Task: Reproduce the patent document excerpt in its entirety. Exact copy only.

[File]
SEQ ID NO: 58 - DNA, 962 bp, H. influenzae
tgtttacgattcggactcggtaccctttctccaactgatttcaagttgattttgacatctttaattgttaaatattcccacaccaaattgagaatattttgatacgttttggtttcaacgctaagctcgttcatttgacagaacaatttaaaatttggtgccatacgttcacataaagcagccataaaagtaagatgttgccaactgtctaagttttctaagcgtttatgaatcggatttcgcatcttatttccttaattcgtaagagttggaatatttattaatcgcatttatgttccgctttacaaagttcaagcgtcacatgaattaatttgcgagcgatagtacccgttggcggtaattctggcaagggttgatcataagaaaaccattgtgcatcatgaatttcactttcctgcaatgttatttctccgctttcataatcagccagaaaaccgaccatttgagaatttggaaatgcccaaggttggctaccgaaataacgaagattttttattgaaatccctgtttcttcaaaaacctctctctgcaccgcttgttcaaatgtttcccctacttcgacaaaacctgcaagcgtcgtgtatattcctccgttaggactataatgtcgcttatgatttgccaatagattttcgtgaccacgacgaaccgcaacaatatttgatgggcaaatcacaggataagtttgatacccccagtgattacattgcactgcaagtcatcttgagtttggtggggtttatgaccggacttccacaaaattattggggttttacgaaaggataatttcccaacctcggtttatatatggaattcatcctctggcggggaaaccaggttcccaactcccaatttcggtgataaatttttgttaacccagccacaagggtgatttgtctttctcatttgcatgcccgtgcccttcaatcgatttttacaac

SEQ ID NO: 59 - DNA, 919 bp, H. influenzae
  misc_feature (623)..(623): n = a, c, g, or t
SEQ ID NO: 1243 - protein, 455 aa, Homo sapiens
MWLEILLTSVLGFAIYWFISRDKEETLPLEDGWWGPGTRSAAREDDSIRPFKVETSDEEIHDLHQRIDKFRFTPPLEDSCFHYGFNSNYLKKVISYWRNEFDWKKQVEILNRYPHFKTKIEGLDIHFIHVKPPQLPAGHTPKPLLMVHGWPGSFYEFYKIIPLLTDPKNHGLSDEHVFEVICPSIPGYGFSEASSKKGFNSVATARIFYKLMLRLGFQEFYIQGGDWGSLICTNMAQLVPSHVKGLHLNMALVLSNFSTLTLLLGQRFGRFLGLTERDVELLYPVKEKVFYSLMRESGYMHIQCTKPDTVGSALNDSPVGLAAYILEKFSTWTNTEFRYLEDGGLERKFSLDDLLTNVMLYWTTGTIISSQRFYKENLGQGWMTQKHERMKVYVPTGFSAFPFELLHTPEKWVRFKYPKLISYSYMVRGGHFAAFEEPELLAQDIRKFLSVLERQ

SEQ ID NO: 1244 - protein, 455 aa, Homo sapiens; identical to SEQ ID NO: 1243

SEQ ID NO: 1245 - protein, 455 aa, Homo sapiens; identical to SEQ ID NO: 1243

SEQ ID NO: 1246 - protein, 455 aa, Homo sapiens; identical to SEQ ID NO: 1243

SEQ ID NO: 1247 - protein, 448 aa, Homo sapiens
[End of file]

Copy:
SEQ ID NO: 58 - DNA, 962 bp, H. influenzae
tgtttacgattcggactcggtaccctttctccaactgatttcaagttgattttgacatctttaattgttaaatattcccacaccaaattgagaatattttgatacgttttggtttcaacgctaagctcgttcatttgacagaacaatttaaaatttggtgccatacgttcacataaagcagccataaaagtaagatgttgccaactgtctaagttttctaagcgtttatgaatcggatttcgcatcttatttccttaattcgtaagagttggaatatttattaatcgcatttatgttccgctttacaaagttcaagcgtcacatgaattaatttgcgagcgatagtacccgttggcggtaattctggcaagggttgatcataagaaaaccattgtgcatcatgaatttcactttcctgcaatgttatttctccgctttcataatcagccagaaaaccgaccatttgagaatttggaaatgcccaaggttggctaccgaaataacgaagattttttattgaaatccctgtttcttcaaaaacctctctctgcaccgcttgttcaaatgtttcccctacttcgacaaaacctgcaagcgtcgtgtatattcctccgttaggactataatgtcgcttatgatttgccaatagattttcgtgaccacgacgaaccgcaacaatatttgatgggcaaatcacaggataagtttgatacccccagtgattacattgcactgcaagtcatcttgagtttggtggggtttatgaccggacttccacaaaattattggggttttacgaaaggataatttcccaacctcggtttatatatggaattcatcctctggcggggaaaccaggttcccaactcccaatttcggtgataaatttttgttaacccagccacaagggtgatttgtctttctcatttgcatgcccgtgcccttcaatcgatttttacaac

SEQ ID NO: 59 - DNA, 919 bp, H. influenzae
  misc_feature (623)..(623): n = a, c, g, or t
SEQ ID NO: 1243 - protein, 455 aa, Homo sapiens
MWLEILLTSVLGFAIYWFISRDKEETLPLEDGWWGPGTRSAAREDDSIRPFKVETSDEEIHDLHQRIDKFRFTPPLEDSCFHYGFNSNYLKKVISYWRNEFDWKKQVEILNRYPHFKTKIEGLDIHFIHVKPPQLPAGHTPKPLLMVHGWPGSFYEFYKIIPLLTDPKNHGLSDEHVFEVICPSIPGYGFSEASSKKGFNSVATARIFYKLMLRLGFQEFYIQGGDWGSLICTNMAQLVPSHVKGLHLNMALVLSNFSTLTLLLGQRFGRFLGLTERDVELLYPVKEKVFYSLMRESGYMHIQCTKPDTVGSALNDSPVGLAAYILEKFSTWTNTEFRYLEDGGLERKFSLDDLLTNVMLYWTTGTIISSQRFYKENLGQGWMTQKHERMKVYVPTGFSAFPFELLHTPEKWVRFKYPKLISYSYMVRGGHFAAFEEPELLAQDIRKFLSVLERQ

SEQ ID NO: 1244 - protein, 455 aa, Homo sapiens; identical to SEQ ID NO: 1243

SEQ ID NO: 1245 - protein, 455 aa, Homo sapiens; identical to SEQ ID NO: 1243

SEQ ID NO: 1246 - protein, 455 aa, Homo sapiens; identical to SEQ ID NO: 1243

SEQ ID NO: 1247 - protein, 448 aa, Homo sapiens